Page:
FLSA Overview

The Fair Labor Standards Act (FLSA) is a federal law that establishes minimum wage, overtime pay, youth employment, and record keeping standards. It affects full-time and part-time workers in the private sector and in Federal, State, and local governments. The majority of employees in the United States are covered by the FLSA. If you believe that your employer has violated your rights under the FLSA, contact the New York and Washington, DC FLSA lawyers at The Elan Law Firm for a free consultation.

What Employees Are Not Covered Under the FLSA?

exempt vs non exempt employee
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The FLSA provides an exemption for both minimum wage and overtime pay for employees employed as a bona fide executive, administrative, professional, outside sales, and highly compensated employees. To qualify for exemption, employees must meet certain tests regarding their job duties and be paid on a salary basis at not less than $455 per week. Because the list of exemptions is comprehensive, it is best to review your position description with an FLSA lawyer at The Elan Law Firm to determine your eligibility.

Unpaid Overtime?

The FLSA ensures that employees are subject to a maximum 40-hour workweek. The FLSA defines “overtime” as “time actually worked beyond a prescribed threshold.” Employees that work over 40 hours must receive 1.5 times their “regular rate” of pay for every hour worked in excess of 40 hours. If an employee’s total hours actually worked exceed 40 hours in a work week, then the employee may be entitled to overtime pay under the FLSA. The right to overtime pay under the FLSA cannot be waived by agreement between you and your employer (i.e., your employer cannot force you to sign an agreement waiving your right to overtime pay).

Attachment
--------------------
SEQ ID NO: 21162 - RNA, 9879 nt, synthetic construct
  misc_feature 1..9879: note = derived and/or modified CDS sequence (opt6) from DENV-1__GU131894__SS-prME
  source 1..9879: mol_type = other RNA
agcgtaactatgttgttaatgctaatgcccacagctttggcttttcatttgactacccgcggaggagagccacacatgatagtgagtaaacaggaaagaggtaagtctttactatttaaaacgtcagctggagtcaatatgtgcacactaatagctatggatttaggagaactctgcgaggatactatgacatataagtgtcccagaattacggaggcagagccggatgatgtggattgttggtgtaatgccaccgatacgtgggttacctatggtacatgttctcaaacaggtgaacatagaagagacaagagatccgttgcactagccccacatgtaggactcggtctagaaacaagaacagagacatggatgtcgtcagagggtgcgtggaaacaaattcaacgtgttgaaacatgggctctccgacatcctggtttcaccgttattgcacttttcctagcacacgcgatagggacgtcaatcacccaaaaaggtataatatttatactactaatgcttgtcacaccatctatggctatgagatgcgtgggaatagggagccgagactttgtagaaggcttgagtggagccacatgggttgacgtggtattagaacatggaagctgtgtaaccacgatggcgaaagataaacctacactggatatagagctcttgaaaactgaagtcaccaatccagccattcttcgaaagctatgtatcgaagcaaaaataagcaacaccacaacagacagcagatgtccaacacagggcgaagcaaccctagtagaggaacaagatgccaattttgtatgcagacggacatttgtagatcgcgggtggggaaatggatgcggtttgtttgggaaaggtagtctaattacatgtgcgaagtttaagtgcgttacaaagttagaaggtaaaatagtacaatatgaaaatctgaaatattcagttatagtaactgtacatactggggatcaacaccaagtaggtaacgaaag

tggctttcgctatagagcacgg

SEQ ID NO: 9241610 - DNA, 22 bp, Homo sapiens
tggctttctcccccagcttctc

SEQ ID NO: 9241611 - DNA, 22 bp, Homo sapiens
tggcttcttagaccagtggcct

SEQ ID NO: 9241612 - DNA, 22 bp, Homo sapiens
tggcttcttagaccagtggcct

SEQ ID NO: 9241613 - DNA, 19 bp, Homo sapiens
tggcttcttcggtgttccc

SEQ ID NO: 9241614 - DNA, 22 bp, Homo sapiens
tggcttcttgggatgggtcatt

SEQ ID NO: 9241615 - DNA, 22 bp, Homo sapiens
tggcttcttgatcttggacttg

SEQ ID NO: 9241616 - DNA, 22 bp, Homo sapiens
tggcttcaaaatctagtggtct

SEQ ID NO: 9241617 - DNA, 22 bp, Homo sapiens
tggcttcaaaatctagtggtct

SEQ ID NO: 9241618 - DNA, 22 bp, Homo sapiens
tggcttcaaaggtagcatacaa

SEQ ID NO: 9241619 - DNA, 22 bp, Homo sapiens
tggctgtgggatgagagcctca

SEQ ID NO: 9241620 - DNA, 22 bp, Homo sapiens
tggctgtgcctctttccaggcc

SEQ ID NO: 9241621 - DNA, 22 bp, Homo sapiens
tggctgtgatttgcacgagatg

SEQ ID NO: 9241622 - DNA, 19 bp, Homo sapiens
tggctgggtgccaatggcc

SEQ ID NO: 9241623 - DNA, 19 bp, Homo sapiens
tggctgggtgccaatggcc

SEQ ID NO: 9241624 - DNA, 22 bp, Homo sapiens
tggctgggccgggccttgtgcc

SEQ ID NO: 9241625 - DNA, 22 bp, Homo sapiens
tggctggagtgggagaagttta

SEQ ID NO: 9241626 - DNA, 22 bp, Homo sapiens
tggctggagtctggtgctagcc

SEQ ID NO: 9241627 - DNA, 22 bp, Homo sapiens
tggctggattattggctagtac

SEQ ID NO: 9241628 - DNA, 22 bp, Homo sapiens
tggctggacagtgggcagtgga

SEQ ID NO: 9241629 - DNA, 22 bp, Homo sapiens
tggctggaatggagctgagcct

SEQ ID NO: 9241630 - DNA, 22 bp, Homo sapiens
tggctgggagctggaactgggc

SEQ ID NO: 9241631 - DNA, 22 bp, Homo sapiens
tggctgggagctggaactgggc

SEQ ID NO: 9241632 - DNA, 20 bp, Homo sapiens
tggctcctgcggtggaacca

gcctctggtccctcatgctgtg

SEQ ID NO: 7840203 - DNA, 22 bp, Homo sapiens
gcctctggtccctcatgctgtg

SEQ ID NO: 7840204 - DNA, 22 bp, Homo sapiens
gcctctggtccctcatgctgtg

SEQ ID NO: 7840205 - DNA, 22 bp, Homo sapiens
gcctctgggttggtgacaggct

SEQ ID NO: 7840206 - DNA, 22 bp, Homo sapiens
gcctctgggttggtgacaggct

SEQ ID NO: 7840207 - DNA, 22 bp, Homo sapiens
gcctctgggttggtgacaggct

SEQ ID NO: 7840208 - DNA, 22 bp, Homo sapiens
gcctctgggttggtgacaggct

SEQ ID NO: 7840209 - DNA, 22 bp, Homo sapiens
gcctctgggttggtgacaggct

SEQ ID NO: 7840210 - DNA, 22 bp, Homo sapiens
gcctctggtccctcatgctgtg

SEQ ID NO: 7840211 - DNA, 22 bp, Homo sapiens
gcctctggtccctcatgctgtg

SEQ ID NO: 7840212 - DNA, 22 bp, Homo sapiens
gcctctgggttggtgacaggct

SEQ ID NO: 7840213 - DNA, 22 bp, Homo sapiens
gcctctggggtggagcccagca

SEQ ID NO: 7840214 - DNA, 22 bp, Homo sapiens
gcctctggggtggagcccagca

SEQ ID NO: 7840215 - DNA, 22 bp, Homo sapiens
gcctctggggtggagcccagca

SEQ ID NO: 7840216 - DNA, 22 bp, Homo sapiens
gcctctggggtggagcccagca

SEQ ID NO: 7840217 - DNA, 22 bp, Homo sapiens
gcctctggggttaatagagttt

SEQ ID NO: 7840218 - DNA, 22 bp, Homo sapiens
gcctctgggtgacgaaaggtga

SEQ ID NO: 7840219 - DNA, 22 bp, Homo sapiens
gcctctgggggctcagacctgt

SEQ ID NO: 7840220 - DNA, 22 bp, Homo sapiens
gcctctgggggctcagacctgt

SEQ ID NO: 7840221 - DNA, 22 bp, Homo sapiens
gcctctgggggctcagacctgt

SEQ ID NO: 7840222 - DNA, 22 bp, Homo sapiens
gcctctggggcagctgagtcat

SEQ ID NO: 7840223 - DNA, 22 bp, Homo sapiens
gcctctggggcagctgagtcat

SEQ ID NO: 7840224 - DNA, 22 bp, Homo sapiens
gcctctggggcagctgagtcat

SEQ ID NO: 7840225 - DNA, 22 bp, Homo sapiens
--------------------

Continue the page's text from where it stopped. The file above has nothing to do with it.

However, there are some classes of employees who are excluded from the FLSA’s overtime protections. For example, certain types of salaried employees, managers, and independent contractors may not be eligible for overtime pay. Some employers try to evade paying overtime and abuse these exclusions by improperly claiming that some or all of their employees are independent contractors or exempt.

unpaid overtime laws
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If your employer violated the FLSA, you may file a lawsuit to recover back pay and an equal amount as “liquidated damages,” plus attorney’s fees and court costs. Generally, a two-year statute of limitations applies to the recovery of back pay. In the case of an employer’s willful violations, a three-year statute of limitations applies. A willful violation occurs when the employer knew its conduct was prohibited by any of the Labor Laws or showed reckless disregard for, or acted with plain indifference to, whether its conduct was prohibited by one or more requirements of the applicable Labor Laws.

FLSA overtime claims may involve:

  • Employers mistakenly treating individuals as “exempt” employees, thus precluding overtime pay;
    Employers failing to compensate an employee for “off the clock” work
    Employers failing to include wage enhancements (e.g., “longevity pay,” “shift differentials,” or “nondiscretionary bonuses”) when calculating an employee’s overtime rate.

Contact an FLSA Lawyer

Most cases involve unique circumstances that require evaluation by lawyers who are experienced in pursuing overtime wage cases. If you believe that your employer has misclassified you as an “exempt” employee or otherwise failed to pay you wages you are entitled to, contact the experienced New York and Washington, DC FLSA lawyers at The Elan Law Firm for a free consultation to discuss your case.